Emergency calls warned police of tragedy hours before
The police came under fire for ignoring numerous calls warning of dangerous crowd levels in Itaewon Saturday, hours ahead of the crush that claimed at least 156 lives.
According to transcripts released by the National Police Agency Tuesday, 11 calls were made to its 112 emergency hotline between 6:34 p.m. and 10:11 p.m. Saturday by people reporting overcrowding in the area.
Six calls specifically mentioned worries about being “crushed” in the crowd. One caller warned that “someone’s really going to die.”
They were all made from the alley in which the deaths occurred or near it.
Police told four of the callers that they would dispatch officers to the scene. But the police didn’t take any useful action at the scene.
The other seven callers were told that police would “follow-up” on the issue or that police had already been dispatched.
Around 130,000 people gathered in Itaewon, a nightlife area in Yongsan District central Seoul, for Halloween celebrations Saturday. The 112 calls reflect plenty of concern about the crowds well in advance of the deadly tragedy that unfolded at about 10:15 p.m.
As of Thursday, there were 156 deaths, including 26 foreigners, with victims mostly in their 20s.
The first call, according to police transcripts, was received at 6:34 p.m. from a person near a convenience store near the Hamilton Hotel, which the deadly alley ran past.
“It’s a narrow alley, but the crowds lined up for clubs, the people coming up from Itaewon Station and those coming out of the alley are all entangled, and someone could be crushed by mistake,” said this initial caller.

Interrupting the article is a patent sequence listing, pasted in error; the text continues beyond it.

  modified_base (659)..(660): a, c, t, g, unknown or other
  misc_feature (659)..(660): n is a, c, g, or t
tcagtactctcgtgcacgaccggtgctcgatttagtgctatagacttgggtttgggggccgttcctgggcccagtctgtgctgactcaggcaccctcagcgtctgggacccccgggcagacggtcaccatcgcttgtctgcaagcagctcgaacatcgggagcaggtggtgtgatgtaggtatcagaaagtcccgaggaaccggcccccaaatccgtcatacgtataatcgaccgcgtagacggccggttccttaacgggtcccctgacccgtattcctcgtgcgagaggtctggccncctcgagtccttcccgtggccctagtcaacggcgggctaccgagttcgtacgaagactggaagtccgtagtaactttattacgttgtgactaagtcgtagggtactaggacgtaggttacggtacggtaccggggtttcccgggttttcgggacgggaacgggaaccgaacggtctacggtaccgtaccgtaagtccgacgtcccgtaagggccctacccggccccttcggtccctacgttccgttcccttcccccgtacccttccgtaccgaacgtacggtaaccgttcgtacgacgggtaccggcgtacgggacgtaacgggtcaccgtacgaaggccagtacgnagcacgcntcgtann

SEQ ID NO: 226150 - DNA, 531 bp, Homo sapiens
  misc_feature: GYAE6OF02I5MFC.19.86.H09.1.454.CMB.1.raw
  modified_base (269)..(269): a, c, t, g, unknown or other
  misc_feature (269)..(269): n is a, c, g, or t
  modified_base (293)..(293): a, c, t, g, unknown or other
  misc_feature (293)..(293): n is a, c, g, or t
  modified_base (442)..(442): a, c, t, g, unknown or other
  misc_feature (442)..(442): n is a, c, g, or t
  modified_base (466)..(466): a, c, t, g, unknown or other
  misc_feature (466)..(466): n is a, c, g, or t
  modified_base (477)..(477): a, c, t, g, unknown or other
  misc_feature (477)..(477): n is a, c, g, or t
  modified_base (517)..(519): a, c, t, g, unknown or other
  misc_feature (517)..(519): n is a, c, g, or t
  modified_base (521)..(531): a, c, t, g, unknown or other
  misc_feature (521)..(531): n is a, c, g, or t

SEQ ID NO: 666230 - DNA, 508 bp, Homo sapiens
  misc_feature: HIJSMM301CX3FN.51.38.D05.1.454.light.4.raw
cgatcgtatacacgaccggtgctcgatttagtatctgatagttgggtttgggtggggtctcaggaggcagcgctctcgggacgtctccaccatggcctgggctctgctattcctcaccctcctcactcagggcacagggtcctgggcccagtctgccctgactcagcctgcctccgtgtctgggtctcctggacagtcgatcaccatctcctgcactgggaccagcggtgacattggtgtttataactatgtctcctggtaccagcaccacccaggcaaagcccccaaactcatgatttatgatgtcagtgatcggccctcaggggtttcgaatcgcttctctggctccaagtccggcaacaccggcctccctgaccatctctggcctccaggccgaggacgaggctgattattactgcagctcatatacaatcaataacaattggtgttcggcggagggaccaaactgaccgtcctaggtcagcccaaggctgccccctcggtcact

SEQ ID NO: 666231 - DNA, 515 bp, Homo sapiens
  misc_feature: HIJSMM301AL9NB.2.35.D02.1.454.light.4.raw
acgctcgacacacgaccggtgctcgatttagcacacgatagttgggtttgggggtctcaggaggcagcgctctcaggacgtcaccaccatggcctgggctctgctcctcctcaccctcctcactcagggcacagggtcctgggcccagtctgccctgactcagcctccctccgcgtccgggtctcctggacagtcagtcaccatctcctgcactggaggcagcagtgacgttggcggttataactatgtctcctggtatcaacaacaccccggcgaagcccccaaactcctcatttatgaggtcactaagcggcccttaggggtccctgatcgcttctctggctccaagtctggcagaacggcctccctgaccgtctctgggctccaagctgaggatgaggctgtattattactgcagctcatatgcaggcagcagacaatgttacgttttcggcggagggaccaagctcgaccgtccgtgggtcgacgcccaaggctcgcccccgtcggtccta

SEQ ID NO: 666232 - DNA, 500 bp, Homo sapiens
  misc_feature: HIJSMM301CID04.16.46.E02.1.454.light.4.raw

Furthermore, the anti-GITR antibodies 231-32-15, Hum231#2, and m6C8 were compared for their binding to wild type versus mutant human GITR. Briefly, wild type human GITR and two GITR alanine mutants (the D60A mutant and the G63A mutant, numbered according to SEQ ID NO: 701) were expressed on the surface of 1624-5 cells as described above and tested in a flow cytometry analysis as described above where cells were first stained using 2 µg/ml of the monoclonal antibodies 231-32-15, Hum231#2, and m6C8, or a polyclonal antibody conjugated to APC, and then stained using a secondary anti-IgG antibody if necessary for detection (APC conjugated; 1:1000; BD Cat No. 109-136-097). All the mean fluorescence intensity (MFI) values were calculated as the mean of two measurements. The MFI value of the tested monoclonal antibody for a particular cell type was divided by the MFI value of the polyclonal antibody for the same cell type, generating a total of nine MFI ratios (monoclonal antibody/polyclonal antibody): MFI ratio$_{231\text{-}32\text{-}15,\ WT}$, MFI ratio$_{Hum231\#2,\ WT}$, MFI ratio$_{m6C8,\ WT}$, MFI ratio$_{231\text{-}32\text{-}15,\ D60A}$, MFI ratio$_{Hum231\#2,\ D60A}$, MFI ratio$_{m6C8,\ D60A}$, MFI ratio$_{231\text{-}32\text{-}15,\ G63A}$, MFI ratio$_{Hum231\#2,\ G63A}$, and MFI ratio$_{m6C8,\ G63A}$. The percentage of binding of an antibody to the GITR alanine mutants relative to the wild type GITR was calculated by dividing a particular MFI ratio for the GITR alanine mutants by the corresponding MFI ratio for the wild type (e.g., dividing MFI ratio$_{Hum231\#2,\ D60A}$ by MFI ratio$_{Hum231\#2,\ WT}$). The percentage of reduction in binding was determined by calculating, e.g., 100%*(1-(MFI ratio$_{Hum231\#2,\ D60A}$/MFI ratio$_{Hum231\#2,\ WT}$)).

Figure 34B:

This caller asked police for “measures such as controlling the number of people entering” the alley.
Additional calls were made at 8:09, 8:33, 8:53, 9:00, 9:02, 9:07, 9:10, 9:51, 10:00 and 10:11 p.m.
“There’s just too many people here, we’re not moving,” said the caller at 8:09 p.m. “It’s chaos because people are pushing people, falling and getting hurt.”
“There are so many people here right now, and it’s just one step away from a major accident occurring because everyone’s pushing,” said the caller at 9 p.m. “Someone needs to come here and regulate the situation.”
This person explained the exact location several times and repeated that police officers “need to be dispatched right away,” stressing it was an emergency situation.
“It’s because of the Halloween events?” asked the officer and then once more asked for the location.
“Please do something about the alleyway,” said another caller at 9:02 p.m. “I really think someone’s going to die.”
A haunting call made at 10:11 p.m. captured the urgency just minutes before the disaster.
“I think we’re going to get crushed, everyone’s panicking!” said the last caller.
The police transcript describes that there was screaming in the background as the caller tried to explain the location as the “alleyway behind Itaewon.”
The responder replied, “Yes, police will be dispatched there.”